4. It seems to have been assumed that the doctrine as to renunciation amounting to civil death would apply to these parties, who are shudras a fact by no means clear. Assuming the finding on the issue to be correct, Mr. Nilkant Atmaram urges various points of law in support of his contention that the plaintiff is entitled to sue on this promissory note. The first contention is that if the son is a wrong plaintiff and if the right plaintiff is the father, the mistake was a bona fide one within the meaning of Order I, Rule 10, Sub-rule (1), and that this Court should now allow the proceedings to be amended by substituting the father for the son as the plaintiff. I think that the mistake probably was a bona fide one and that we ought to accede to the plaintiff's request were it not for the question of limitation. The promissory note, as I have said, was made in 1919, and the last payment under it was in June, 1922. So that, it is obvious that any fresh claim on the promissory note at the present time is statute barred, and Section 22 of the Indian Limitation Act provides that, where, after the institution of a suit, a new plaintiff or defendant is substituted or added, the suit shall, as regards him, be deemed to have been instituted when he was so made a party. It seems to me, therefore, that if we were to allow the amendment, it would be useless because the suit would be barred. Mr. Nilkant Atmaram relies on a decision of the Calcutta High Court in Subodini Debi v. Cumar Ganoda Kant Roy Bahadur I.L.R (1887) Cal. 400 in support of the View that limitation is not affected by one plaintiff being substituted for another. That case certainly appears to be an authority for the proposition, but the attention of the learned Judges does not seem to have been drawn to the perfectly plain language of Section 22 of the Indian Limitation Act. That case was dissented from by a division bench of this Court in Fatmabai v. Pirbhai Virji I.L.R(1897) 21 Bom. 580, and also by the Madras High Court in Subbaraya Iyer v. Vaithinatha Iyer I.L.R(1909) Mad. 115, and, in my opinion, the case cannot be relied upon as laying down an accurate proposition of law with regard to limitation. The decision of this Court in Ravji v. Mahadev I.L.R(1897) 22 Bom. 672 , on which Mr. Nilkant Atmaram also relies, is clearly distinguishable, because in that case the original plaintiff was a benamidar and the plaint was subsequently amended by joining the beneficial owner. Mr. Justice Ranade based his decision on the view that the suit in the name of the benamidar was well founded, a view which has been adopted in later cases. Mr. Justice Parsons does refer with approval to the case of Subodini Debi v. Cumar Ganoda Kant Roy Bahadur but his attention was not drawn to the fact that that case had been dissented from in the same year by this Court.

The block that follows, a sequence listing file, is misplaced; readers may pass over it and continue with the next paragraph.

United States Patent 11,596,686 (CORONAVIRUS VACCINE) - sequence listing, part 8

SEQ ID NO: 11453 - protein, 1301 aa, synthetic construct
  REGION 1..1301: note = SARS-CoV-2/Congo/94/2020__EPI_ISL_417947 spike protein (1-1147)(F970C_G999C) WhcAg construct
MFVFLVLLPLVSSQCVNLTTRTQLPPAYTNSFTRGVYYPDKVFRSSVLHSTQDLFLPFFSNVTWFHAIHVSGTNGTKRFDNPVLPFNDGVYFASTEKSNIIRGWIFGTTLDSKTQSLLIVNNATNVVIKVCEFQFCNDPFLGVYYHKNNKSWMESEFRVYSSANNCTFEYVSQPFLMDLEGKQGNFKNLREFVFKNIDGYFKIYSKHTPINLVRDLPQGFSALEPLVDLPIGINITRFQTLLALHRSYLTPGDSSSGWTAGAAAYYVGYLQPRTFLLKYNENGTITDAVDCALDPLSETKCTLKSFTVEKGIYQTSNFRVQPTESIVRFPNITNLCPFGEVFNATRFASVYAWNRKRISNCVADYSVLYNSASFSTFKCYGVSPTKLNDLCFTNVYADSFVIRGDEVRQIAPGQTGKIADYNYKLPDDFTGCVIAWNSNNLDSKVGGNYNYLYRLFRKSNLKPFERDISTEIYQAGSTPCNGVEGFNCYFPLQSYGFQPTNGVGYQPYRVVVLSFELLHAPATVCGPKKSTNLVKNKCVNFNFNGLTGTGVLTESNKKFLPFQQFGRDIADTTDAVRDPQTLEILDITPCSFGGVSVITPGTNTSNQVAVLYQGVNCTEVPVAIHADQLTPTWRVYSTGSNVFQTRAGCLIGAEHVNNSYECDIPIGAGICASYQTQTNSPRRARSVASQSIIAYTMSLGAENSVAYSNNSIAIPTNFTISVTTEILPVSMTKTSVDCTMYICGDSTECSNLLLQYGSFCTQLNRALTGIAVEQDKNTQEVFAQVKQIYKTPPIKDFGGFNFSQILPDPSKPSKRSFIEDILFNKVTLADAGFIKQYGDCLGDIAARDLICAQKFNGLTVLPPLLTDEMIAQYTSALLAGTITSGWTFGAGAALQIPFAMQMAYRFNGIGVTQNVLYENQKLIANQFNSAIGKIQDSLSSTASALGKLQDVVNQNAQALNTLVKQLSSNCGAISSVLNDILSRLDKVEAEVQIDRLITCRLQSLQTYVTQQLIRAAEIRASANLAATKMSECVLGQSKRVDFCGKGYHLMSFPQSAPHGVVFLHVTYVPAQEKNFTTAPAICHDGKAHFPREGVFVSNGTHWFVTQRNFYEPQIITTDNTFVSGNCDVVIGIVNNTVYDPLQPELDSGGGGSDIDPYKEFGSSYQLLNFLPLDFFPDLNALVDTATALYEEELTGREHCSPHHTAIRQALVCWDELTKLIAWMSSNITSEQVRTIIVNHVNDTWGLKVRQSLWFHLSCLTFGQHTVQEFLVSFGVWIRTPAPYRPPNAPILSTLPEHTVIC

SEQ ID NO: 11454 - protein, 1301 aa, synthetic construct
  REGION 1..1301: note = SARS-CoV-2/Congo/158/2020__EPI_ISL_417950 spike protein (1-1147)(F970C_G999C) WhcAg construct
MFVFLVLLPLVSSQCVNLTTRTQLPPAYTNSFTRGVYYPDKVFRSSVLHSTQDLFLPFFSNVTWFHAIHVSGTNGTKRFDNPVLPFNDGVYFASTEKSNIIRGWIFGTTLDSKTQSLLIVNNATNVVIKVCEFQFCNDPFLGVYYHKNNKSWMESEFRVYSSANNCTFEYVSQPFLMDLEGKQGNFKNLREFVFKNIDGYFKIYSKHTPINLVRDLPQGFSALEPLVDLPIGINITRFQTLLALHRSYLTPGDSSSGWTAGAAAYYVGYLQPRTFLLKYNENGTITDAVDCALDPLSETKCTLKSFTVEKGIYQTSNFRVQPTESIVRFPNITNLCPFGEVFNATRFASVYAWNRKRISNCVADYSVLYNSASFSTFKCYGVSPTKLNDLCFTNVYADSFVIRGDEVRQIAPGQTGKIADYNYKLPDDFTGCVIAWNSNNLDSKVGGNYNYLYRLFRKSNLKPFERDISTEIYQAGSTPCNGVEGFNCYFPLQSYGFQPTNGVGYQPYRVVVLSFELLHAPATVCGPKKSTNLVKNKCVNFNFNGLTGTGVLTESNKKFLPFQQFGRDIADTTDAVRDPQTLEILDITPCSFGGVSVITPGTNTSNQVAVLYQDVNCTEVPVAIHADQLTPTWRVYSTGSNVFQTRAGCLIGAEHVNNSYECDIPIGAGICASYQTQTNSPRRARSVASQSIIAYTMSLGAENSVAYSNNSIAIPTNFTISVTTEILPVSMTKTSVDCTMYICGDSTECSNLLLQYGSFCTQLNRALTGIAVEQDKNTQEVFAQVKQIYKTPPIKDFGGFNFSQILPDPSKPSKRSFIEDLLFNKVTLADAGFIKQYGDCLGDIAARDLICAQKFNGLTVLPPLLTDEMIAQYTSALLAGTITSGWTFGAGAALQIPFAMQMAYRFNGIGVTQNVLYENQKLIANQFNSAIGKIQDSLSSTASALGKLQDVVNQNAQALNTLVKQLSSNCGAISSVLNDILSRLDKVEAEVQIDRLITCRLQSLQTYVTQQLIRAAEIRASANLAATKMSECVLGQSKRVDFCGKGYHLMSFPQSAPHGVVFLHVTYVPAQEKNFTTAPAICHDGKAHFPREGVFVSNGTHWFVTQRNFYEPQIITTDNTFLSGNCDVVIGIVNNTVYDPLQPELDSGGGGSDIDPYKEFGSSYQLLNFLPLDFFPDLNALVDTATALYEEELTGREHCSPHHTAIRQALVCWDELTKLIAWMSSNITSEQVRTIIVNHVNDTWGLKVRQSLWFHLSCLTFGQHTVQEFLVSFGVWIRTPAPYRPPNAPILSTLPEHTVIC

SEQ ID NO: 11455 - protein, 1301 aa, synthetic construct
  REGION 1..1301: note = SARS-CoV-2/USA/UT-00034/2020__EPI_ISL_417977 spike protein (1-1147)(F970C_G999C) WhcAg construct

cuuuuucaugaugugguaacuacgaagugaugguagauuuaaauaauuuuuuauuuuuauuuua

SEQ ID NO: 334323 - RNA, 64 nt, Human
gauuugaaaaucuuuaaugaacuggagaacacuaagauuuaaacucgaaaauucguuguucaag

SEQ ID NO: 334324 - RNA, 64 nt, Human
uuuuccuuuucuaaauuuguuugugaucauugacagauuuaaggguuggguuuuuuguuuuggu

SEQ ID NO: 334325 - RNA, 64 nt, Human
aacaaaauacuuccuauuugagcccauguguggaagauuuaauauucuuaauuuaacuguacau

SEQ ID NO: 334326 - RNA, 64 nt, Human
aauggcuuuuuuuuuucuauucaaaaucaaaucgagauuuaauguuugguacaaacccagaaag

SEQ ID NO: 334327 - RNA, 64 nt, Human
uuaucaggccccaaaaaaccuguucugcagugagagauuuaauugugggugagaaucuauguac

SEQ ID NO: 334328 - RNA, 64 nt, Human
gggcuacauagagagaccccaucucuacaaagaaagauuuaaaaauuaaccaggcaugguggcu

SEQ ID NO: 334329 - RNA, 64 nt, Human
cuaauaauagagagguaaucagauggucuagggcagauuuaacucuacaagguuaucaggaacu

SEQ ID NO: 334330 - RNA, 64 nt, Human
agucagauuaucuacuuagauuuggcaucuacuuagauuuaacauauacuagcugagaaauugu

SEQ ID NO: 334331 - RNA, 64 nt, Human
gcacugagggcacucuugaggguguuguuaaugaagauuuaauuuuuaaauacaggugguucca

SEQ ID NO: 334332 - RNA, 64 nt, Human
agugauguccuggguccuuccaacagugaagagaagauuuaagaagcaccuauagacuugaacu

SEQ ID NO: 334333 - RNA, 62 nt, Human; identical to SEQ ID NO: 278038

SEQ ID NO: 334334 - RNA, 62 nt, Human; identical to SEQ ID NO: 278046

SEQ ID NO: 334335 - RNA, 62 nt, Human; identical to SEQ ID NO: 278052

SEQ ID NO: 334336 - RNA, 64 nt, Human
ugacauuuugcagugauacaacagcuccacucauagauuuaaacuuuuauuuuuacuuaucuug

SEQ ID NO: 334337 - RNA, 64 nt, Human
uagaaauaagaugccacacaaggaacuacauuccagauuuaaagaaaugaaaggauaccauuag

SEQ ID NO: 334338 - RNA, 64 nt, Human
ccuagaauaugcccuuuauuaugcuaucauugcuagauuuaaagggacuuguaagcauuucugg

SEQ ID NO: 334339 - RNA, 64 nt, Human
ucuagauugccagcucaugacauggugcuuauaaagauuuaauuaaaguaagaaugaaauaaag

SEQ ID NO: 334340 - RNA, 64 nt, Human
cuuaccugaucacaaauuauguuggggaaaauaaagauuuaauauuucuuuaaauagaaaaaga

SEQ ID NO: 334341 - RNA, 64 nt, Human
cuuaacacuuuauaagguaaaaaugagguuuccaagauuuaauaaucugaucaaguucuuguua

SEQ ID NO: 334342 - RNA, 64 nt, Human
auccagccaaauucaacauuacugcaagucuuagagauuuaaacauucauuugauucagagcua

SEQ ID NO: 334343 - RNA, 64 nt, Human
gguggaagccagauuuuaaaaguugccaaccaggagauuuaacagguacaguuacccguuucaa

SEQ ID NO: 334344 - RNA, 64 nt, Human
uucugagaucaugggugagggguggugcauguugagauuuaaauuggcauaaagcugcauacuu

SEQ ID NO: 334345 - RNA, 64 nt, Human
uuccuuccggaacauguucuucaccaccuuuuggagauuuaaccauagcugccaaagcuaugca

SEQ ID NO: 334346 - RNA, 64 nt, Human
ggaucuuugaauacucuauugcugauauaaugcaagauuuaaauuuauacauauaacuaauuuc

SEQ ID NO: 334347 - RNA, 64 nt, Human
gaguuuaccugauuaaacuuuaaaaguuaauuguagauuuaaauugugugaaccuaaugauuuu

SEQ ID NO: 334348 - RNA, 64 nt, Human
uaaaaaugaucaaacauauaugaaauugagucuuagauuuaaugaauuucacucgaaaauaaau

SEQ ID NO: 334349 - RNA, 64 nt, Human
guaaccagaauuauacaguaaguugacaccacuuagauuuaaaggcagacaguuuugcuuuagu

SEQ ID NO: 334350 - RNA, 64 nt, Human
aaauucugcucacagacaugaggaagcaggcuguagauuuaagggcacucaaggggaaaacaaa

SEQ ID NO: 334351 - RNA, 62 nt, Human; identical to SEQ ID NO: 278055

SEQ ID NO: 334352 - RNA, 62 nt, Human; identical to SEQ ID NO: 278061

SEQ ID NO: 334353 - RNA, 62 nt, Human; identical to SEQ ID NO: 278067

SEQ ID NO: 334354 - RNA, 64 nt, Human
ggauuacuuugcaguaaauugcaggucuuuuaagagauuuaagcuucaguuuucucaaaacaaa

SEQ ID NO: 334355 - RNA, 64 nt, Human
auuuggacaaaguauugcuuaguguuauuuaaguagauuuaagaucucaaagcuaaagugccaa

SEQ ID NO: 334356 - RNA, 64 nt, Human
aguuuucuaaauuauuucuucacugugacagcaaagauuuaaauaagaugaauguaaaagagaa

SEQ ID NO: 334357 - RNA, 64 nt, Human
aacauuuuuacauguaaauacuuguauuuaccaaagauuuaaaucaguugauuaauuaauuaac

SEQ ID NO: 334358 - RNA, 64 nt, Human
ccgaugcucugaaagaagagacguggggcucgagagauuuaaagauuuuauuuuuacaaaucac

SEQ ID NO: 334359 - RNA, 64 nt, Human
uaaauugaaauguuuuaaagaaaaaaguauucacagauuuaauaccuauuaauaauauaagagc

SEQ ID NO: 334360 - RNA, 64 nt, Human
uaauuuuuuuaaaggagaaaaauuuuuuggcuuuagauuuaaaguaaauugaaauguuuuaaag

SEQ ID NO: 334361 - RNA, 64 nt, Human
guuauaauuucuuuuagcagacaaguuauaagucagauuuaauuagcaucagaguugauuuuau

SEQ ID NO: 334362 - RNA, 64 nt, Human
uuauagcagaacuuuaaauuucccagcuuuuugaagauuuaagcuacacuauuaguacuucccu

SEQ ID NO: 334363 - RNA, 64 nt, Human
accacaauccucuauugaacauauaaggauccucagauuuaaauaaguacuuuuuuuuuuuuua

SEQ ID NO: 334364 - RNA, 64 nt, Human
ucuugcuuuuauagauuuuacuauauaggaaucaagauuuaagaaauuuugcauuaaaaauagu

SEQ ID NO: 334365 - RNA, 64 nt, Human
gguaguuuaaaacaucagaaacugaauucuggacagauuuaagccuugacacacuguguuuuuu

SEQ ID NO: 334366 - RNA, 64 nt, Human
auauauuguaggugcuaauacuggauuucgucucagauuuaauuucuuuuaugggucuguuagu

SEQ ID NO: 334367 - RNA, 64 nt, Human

5. Then the next point taken is that, even assuming that the father has not so completely renounced his interest in the world as to be treated as civilly dead, he has on the evidence renounced all interest in his property and made it all over to his son, and therefore it is said that the son can sue on the promissory note, and for that purpose Mr. Nilkant Atmaram relies on Brojo Lal Saha Banikya v. Budh Nath Pyarilal & Co. I.L.R (1927) Cal. 551. In that case a promissory note had been given to a party who was a member of a firm and a suit on the promissory note was brought in the name of the firm. It was held that as the firm had no independent entity apart from the partners the suit was really a suit by all the members of the firm, and therefore the plaintiffs included the holder of the note. The actual decision clearly does not apply to the present case, which is not a suit by a firm, but is one in which the plaintiff is suing in his own name by his guardian. The father, who is the holder of the note, is not in any sense a party to the suit. But in Brojo Lal Saha Banikya v. Budh Nath Pyarilal & Co. the learned Judges went beyond the actual ground of the decision and expressed the view that it was competent for the beneficial owner of a promissory note to sue upon it although he was not the holder, provided that he got a discharge from the holder, thereby protecting the defendant. That seems to me a novel proposition. I have never heard of a suit upon a promissory note in which the plaintiff alleged that he was not the holder of the note, but could obtain a discharge from the person who was. The proposition has been dissented from in a later decision of the Calcutta High Court in Harkishore Barna v. Gura Mia Chaudhuri I.L.R(1930) Cal. 752, in which the Court held that it is the holder of a promissory note who alone is entitled to maintain a suit on the note for the recovery of money due thereon. That, I venture to think, is the law, and I am not prepared to act upon the contrary view expressed in the case of Brojo Lal Saha Banikya v. Budh Nath Pyarilal & Co.